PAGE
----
Arroyo Viejo Creek Project

Conservation in 
Zoo

About the Organization

A clean and beautiful  stretch of the Arroyo Viejo Creek runs through the Oakland Zoo grounds,  secretly flowing under the entrance road to the Park.            

The Arroyo Viejo Creek  Restoration Project began with a mission to repair damaged and neglected  stream areas by preventing bank erosion, increasing stability, and improving  habitat for creek wildlife.Done in partnership with the California  Coastal Conservancy, the California Department of Parks and Recreation, Alameda  County Flood Control and Water Conservation District, and the City of Oakland  Measure DD Bond, the project was completed in early 2007. The goal was to  increase native plant species, wildlife habitat and public access along with  creating outdoor classrooms near the creek banks. The need for  interpretive elements along the creek led to the development of a series of  signs that ask the following engaging questions: "What is a Watershed?", "How  do Creeks Work?", "Who Lives Inside the Creek?", "Who  Lives Around the Creek?", "Why are Riparian Plants Important?"  and "Humans in the Watershed." The  Oakland Zoo is now poised to take on a more significant watershed education  and conservation role.

The Conservation Challenge

The Illegal Wildlife Trade

The illegal wildlife trade is one of the top most destructive and illicit transnational crimes of our times, along with drugs, arms and human trafficking. Illegal wildlife trafficking, for the pet industry and for products and souvenirs, has a devastating impact on animal welfare, species conservation, and ecosystems. It is a major cause of species extinction, second only to habitat loss. Ninety percent of animals smuggled for the pet trade die in transit, and those that survive need constant care and attention.

Harvesting of Turtle Eggs

The Pacific leatherback turtle is nearly extinct with only 1,438 mature individuals remaining in the entire Pacific ocean. Despite their endangered status, virtually all sea turtle nests in Guatemala are harvested by poachers and the eggs sold as a supposed aphrodisiac.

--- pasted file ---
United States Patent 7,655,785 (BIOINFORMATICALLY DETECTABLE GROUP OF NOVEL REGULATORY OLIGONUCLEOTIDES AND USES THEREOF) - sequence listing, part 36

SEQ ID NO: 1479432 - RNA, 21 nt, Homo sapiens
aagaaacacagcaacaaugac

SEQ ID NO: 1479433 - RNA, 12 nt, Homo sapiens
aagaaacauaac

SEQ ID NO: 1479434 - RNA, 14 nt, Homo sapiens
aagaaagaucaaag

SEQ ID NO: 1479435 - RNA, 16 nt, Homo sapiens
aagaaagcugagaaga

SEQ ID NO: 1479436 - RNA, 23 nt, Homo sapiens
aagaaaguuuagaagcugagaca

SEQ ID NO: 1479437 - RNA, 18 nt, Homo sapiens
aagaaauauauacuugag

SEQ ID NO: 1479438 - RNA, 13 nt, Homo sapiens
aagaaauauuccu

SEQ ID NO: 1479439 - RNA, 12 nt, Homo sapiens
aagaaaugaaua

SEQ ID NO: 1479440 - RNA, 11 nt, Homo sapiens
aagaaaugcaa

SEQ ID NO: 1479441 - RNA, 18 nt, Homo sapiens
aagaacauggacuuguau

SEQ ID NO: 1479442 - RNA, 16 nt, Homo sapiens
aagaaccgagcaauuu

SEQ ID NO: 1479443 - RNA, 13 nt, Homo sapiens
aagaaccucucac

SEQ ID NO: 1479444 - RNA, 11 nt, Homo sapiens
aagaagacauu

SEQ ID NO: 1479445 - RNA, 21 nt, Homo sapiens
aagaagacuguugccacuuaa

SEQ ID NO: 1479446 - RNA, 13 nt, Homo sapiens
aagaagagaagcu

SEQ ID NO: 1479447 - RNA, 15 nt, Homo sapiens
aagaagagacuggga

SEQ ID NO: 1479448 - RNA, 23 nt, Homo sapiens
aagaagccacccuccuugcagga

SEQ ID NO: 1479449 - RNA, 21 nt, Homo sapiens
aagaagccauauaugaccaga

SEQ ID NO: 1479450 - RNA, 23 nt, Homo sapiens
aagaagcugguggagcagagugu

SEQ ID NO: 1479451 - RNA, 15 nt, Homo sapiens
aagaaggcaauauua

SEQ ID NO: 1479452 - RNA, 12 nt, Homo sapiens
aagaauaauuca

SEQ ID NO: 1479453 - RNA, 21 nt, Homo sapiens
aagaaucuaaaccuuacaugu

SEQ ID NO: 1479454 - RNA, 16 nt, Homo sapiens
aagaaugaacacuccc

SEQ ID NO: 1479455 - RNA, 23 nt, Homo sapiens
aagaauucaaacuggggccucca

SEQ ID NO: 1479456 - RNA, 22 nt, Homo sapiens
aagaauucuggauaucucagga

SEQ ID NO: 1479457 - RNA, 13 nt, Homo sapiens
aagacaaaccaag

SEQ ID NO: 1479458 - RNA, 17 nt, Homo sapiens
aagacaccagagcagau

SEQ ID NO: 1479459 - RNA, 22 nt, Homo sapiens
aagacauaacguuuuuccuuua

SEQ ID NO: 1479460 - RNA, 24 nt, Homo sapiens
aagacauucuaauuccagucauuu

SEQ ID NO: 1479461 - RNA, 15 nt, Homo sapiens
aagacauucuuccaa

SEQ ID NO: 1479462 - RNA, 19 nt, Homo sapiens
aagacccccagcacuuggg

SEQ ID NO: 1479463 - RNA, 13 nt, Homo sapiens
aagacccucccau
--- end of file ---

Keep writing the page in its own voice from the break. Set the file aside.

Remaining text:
Conservation Approach

Advocacy and Outreach

Thanks to the work of Golden Gate Audubon, Oakland and San Francisco have adopted bird safe building requirements that will help prevent bird collisions. They advocate for responsible pet ownership, such as indoor-only cats, to reduce the number of avian mortalities. Golden Gate Audubon Society also works with arborist societies and independent contractors to provide training on seasonal tree trimming, how to spot a nest, and how to follow proper protocols and laws.

Grassroots ConservationFounded in 1917, Golden Gate Audubon Society partners with land management organizations, local schools, and city planning staff to keep the Bay Area a safe and healthy place for birds. They use a reach of over 7,000 members to monitor threatened species, restore habitats, and educate the public on sharing urban space with wildlife. Docents and volunteers spend time monitoring species like the Burrowing Owl, collecting data on the birds’ activities,     as well as educating the public about the unique species.EducationGolden Gate Audubon Society works with disadvantaged schools in East Oakland, North Richmond, and Southeast San Francisco to provide classes on local habitats and ecosystems, both in classrooms and on field trips. Classes of many subjects are also provided to adults for a small fee. Together, Golden Gate Audubon Society conducts over 150 field trips per year. A Speaker Series featuring biologists, researchers, photographers, and others is hosted monthly in either San Francisco or Berkeley.

 

Oakland Zoo Takes Action

The  Arroyo Viejo Creek Project provides a critical opportunity for the Oakland  Zoo to use the watershed as a way to provide hands on educational  opportunities that will immerse students in  science and underscore the delicate balance and interdependence between  plants, animals, and humans. The continuing  restoration projects include removal of non-natives, planting of native  habitat, holding classes in the six outdoor classrooms, and maintaining a connecting  trail to the rest of Knowland Park. The Oakland Zoo uses  the creek as an outdoor laboratory to teach students and guests about  habitats, backyard wildlife, watersheds, and the effects humans can have on their  environment. A group of committed community members has been established to  care for the creek. The Oakland Zoo is looking forward to connecting people  to their own backyards and inspiring stewardship of our California ecosystem.

You Can Take Action Too

Join the Arroyo Viejo Creek Crew! Click here for more information.

Learn more about the Arroyo Viejo Watershed

Resources